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Hoffmann, R. A wiki for the life sciences where authorship matters. Nature Genetics (2008)
 
 
 
 
 

Relative contribution of human erythrocyte aldehyde dehydrogenase to the systemic detoxification of the oxazaphosphorines.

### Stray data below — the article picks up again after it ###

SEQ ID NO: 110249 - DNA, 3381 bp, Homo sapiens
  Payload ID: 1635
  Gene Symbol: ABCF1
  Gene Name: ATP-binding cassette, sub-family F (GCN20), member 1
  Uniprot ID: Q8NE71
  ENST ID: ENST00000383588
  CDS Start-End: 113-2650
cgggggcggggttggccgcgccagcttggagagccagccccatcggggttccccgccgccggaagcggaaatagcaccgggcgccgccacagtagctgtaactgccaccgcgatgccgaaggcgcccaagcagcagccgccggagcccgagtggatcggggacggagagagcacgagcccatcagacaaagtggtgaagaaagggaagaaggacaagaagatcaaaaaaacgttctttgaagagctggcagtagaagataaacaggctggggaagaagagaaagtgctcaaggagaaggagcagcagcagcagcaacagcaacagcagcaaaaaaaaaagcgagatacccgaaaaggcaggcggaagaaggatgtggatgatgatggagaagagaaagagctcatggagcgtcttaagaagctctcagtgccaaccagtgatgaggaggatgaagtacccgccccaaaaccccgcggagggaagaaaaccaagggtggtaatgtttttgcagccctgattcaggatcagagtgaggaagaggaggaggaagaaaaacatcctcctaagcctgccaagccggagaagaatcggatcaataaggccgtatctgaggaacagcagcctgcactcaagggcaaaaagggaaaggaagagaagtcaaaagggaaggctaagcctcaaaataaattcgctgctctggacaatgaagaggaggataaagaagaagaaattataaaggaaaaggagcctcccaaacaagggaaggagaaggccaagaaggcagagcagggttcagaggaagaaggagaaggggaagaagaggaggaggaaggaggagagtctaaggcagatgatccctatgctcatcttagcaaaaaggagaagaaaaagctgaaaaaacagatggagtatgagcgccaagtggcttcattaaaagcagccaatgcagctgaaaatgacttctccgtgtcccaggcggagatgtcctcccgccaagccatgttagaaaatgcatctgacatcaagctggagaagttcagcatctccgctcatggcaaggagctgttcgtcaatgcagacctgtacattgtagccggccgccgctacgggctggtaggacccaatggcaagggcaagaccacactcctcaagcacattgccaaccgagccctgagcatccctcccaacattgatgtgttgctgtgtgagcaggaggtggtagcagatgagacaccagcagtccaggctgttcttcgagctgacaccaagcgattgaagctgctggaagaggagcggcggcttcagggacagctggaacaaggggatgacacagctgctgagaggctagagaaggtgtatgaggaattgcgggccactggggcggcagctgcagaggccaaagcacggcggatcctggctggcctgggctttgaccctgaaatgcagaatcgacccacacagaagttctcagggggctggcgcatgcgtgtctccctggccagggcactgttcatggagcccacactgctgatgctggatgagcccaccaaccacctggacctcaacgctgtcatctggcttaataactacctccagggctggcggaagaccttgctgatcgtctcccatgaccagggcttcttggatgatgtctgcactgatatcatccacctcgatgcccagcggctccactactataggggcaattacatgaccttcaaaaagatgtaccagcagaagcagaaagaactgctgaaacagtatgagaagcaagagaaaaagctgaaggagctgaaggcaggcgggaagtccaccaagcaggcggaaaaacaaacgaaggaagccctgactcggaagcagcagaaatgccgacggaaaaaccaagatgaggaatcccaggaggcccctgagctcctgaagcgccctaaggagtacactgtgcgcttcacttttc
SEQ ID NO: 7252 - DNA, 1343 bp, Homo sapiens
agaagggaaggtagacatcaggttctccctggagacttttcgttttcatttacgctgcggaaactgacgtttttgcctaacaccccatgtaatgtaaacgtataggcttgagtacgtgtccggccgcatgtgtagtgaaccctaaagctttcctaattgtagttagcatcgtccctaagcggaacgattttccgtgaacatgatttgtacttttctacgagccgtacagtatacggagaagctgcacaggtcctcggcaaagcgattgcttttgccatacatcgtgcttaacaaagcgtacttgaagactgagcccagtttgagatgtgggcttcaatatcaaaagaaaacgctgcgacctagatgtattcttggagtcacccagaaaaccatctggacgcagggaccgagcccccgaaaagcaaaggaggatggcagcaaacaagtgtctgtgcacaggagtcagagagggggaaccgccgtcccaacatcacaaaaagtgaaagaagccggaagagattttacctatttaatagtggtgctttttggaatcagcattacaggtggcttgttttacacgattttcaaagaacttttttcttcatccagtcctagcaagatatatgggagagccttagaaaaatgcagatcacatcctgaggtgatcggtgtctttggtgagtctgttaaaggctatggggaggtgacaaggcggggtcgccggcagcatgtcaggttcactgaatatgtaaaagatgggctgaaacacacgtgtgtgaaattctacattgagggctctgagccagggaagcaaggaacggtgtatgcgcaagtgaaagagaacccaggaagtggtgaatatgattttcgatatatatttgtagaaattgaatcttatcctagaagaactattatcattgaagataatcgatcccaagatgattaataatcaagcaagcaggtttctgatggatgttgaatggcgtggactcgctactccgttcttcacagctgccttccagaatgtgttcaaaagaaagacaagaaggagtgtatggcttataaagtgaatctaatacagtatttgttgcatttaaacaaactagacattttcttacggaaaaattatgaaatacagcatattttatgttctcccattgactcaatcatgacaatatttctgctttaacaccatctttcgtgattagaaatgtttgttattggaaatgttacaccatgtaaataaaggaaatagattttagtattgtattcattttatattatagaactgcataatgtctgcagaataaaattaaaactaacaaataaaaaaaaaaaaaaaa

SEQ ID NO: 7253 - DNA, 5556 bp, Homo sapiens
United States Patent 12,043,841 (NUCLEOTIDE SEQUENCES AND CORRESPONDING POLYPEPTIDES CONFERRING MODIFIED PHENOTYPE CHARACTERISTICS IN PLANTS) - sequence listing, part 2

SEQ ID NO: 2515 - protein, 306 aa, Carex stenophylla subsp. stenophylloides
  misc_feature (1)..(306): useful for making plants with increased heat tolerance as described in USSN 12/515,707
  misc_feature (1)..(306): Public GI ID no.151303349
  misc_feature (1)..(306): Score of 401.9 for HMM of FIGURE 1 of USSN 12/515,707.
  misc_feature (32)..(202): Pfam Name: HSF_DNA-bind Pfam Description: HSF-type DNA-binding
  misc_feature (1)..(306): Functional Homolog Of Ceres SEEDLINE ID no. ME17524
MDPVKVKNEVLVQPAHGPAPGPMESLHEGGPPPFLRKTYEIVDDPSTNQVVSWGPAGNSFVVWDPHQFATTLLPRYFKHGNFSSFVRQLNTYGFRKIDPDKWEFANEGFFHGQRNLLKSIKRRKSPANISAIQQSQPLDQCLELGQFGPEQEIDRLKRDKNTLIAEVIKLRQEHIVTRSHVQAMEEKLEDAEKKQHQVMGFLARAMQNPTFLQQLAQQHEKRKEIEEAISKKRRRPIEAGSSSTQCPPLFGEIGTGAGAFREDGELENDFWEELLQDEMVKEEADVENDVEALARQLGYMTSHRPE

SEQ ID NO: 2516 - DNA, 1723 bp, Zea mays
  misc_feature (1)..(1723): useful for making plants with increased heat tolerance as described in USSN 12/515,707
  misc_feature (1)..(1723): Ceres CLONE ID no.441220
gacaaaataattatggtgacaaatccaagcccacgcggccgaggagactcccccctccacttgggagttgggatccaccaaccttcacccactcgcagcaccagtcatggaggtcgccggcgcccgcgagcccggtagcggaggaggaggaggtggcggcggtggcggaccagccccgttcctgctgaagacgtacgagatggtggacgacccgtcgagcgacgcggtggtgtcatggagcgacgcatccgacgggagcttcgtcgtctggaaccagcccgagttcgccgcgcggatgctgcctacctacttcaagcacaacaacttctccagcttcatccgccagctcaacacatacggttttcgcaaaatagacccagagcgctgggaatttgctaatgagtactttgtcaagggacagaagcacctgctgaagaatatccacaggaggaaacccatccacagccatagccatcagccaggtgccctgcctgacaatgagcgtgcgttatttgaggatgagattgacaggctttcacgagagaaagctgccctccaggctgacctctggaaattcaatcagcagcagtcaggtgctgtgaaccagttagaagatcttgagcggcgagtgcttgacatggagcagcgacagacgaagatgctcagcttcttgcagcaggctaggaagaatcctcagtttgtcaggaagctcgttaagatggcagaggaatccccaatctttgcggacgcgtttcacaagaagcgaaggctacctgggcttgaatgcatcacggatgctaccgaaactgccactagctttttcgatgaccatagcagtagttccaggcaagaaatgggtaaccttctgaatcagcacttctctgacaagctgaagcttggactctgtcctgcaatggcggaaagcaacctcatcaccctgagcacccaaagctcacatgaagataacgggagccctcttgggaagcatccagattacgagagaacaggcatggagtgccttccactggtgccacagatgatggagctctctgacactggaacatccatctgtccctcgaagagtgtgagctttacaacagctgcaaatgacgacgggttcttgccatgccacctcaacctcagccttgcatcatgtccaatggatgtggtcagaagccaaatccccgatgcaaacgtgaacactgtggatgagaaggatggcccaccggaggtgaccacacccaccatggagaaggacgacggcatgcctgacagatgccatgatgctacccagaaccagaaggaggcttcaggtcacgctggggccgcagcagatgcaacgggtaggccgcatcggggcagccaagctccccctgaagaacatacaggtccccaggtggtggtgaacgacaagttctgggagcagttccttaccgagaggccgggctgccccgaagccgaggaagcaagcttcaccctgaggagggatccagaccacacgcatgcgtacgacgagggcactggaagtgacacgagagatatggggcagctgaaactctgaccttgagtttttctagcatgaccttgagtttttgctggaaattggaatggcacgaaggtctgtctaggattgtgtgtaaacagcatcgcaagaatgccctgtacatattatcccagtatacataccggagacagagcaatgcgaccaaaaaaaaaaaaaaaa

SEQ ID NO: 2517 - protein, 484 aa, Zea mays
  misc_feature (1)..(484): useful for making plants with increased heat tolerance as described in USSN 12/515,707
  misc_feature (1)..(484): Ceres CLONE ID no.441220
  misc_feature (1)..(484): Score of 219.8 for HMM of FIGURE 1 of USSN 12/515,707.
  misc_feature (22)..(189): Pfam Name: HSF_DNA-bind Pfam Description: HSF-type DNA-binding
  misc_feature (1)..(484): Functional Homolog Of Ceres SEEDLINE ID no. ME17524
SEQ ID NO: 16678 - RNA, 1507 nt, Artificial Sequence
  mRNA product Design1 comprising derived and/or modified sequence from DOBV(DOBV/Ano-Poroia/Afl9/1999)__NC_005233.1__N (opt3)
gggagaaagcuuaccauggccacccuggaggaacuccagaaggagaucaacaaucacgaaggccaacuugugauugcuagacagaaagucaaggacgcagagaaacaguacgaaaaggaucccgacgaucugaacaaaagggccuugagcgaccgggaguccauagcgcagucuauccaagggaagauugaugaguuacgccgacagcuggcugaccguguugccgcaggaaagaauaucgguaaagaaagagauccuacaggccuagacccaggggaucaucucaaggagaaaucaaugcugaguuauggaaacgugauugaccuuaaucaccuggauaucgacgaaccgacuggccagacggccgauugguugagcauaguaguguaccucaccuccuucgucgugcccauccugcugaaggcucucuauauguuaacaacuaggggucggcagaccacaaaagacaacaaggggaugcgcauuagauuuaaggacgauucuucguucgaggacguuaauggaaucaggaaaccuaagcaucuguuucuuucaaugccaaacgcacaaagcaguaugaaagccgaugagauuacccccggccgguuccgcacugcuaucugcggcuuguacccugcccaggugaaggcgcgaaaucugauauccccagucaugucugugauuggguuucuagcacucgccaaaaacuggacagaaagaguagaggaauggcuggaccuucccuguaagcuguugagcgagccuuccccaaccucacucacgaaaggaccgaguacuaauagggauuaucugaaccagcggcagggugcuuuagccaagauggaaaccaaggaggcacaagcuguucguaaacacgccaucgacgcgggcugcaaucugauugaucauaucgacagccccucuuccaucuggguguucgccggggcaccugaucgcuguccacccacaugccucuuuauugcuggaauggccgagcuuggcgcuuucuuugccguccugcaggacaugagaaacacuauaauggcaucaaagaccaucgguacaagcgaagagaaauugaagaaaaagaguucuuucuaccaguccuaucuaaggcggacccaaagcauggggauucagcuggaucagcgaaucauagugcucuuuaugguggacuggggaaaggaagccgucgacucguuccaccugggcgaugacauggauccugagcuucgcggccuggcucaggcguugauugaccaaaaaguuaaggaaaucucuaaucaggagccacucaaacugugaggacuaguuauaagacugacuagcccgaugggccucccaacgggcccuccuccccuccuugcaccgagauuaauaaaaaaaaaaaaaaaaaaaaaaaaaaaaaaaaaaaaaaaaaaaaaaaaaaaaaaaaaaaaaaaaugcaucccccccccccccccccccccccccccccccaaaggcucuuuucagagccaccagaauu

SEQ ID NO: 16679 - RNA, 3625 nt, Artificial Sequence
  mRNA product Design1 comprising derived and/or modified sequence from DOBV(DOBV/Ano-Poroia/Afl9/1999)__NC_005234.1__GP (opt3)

Detoxification of cyclophosphamide is effected, in part, by hepatic class 1 aldehyde dehydrogenase (ALDH-1)-catalyzed oxidation of aldophosphamide, a pivotal aldehyde intermediate, to the nontoxic metabolite, carboxyphosphamide. This enzyme is found in erythrocytes as well. Detoxification of aldophosphamide may also be effected by enzymes, viz. certain aldo-keto reductases, that catalyze the reduction of aldophosphamide to alcophosphamide. Such enzymes are also found in erythrocytes. Not known at the onset of this investigation was whether the contribution of erythrocyte ALDH-1 and/or aldo-keto reductases to the overall systemic detoxification of circulating aldophosphamide is significant. Thus, NAD-linked oxidation and NADPH-linked reduction of aldophosphamide catalyzed by relevant erythrocyte enzymes were quantified. ALDH-1-catalyzed oxidation of aldophosphamide (160 microM) to carboxyphosphamide occurred at a mean (+/- SD) rate of 5.0 +/- 1.4 atmol/min/rbc (red blood cell). Aldo-keto reductase-catalyzed reduction of aldophosphamide (160 microM) to alcophosphamide occurred at a much slower rate, viz. 0.3 +/- 0.2 atmol/min/rbc. Thus, at a pharmacologically relevant concentration of aldophosphamide, viz. 1 microM, estimated aggregate erythrocyte ALDH-1-catalyzed aldophosphamide oxidation, viz. 2.0 micromol/min, was only about 3% of estimated aggregate hepatic enzyme-catalyzed aldophosphamide oxidation, viz. 72 micromol/min; however, this rate is greater than the estimated flow-limited rate of aldophosphamide delivery to the liver by the blood, viz. 1.5 micromol/min. These observations/considerations suggest an important in vivo role for erythrocyte ALDH-1 in systemic aldophosphamide detoxification. Erythrocyte ALDH-1-effected oxidation of other aldehydes to their corresponding acids, e.g. retinaldehyde to retinoic acid, may also be of pharmacological and/or physiological significance since a wide variety of aldehydes are known to be substrates for ALDH-1.[1]

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